I AM ALS Expanding Efforts Into Research, Patient Support

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by Marisa Wexler MS |

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I AM ALS, a nonprofit dedicated to helping people affected by amyotrophic lateral sclerosis (ALS), is expanding its efforts in scientific research and public policy.

The organization’s new Science and Policy program will include three key focuses, according to a press release emailed to ALS News Today.

First, the program aims to increase the speed, efficiency, and transparency of research into this disease and into therapy development for ALS.

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Second, the nonprofit will push for policies and programs that support ALS patients, at both the national and local level. A particular goal of this focus is to make it easier for patients to access promising therapies.

Its third focus is ensuring that people with ALS have an authentic seat at the table, so that their voices will be heard when decisions are made.

To lead the new initiative, I AM ALS has tapped Megan B. Miller as its new director of science and policy.

Miller, who holds a PhD in biomedical sciences and completed a postdoctoral fellowship at the Yale School of Medicine, had previously worked at the U.S. Agency for International Development (USAID) as a program officer and strategic advisor for research. At USAID, Miller oversaw scientific collaborations around the world, and worked to form connections between the research community and stakeholders outside of academia.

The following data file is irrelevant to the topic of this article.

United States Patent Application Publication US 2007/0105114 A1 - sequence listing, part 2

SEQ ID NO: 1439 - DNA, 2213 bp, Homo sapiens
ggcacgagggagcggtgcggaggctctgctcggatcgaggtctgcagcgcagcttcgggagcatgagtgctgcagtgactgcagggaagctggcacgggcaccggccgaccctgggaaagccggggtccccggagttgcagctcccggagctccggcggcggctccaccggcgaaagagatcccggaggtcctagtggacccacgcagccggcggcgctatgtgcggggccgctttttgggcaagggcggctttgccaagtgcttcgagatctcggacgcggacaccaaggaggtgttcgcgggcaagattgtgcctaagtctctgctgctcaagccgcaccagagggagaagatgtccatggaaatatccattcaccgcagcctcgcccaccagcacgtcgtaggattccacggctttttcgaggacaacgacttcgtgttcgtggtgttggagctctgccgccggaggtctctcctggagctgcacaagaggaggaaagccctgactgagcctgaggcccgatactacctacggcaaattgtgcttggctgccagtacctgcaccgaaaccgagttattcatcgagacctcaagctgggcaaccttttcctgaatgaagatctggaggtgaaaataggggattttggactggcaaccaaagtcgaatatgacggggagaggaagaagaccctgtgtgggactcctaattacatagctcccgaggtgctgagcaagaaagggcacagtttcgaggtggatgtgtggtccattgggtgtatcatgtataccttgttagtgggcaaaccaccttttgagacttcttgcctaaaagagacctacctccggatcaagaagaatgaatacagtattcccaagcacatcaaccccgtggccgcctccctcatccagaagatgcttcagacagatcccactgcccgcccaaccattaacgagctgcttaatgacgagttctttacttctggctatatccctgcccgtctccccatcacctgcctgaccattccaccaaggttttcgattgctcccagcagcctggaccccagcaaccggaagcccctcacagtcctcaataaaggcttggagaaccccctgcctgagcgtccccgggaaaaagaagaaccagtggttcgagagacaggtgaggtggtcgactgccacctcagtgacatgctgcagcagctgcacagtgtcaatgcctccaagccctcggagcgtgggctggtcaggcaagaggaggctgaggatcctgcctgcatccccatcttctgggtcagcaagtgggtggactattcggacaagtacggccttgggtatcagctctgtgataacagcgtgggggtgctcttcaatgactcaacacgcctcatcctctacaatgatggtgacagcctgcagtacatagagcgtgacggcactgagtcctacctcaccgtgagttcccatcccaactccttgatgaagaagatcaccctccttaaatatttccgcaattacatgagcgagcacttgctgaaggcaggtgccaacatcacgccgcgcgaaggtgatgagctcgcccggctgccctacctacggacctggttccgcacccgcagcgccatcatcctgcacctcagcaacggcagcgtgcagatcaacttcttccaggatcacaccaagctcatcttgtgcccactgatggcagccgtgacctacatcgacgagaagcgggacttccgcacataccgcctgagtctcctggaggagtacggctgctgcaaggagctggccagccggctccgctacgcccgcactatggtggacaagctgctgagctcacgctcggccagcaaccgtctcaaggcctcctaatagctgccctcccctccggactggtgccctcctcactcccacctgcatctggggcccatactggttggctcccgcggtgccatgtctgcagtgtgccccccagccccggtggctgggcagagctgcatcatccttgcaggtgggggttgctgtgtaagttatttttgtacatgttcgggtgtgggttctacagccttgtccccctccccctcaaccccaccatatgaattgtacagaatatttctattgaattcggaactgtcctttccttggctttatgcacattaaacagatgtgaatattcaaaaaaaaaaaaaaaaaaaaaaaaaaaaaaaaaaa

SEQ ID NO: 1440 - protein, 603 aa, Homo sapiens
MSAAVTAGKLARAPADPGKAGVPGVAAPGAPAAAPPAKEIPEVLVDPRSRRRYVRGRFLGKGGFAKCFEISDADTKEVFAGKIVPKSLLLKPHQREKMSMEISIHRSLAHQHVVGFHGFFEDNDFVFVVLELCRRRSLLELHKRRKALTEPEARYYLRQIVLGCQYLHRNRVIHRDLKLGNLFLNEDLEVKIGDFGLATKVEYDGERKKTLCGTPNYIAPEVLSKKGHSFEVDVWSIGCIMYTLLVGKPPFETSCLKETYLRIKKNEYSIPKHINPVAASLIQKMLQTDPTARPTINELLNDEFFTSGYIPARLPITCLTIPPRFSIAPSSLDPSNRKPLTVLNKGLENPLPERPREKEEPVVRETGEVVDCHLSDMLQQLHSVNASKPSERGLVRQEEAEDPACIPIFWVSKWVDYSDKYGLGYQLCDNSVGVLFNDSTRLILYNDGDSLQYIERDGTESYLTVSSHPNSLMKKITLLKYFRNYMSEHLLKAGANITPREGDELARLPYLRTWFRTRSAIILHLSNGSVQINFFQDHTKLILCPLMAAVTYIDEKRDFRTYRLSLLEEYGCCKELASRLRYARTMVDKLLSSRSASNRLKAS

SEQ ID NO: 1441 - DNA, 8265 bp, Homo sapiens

“Under Dr. Miller’s direction, I AM ALS aims to galvanize the community of people impacted by ALS, researchers, biopharmaceutical companies, organizations and government agencies around a unified approach to end ALS,” the nonprofit stated in the release.

The organization stressed that, as with all its initiatives, this work will be driven mainly by people living with ALS, taking a patient-centric approach.

I AM ALS was founded in 2019 by Brian Wallach, who has ALS, and his wife Sandra Abrevaya. In the years since, the organization has been working to improve the lives of ALS patients through its initiatives, and has contributed to an $83 million increase in U.S. government funding for ALS research.

In 2020, I AM ALS teamed up with The ALS Association to support research into biomarkers associated with BrainStorm Cell Therapeutics’ investigational ALS stem cell therapy NurOwn.

The organization also released a playbook this year for others wanting to create a movement dedicated to fighting a disease.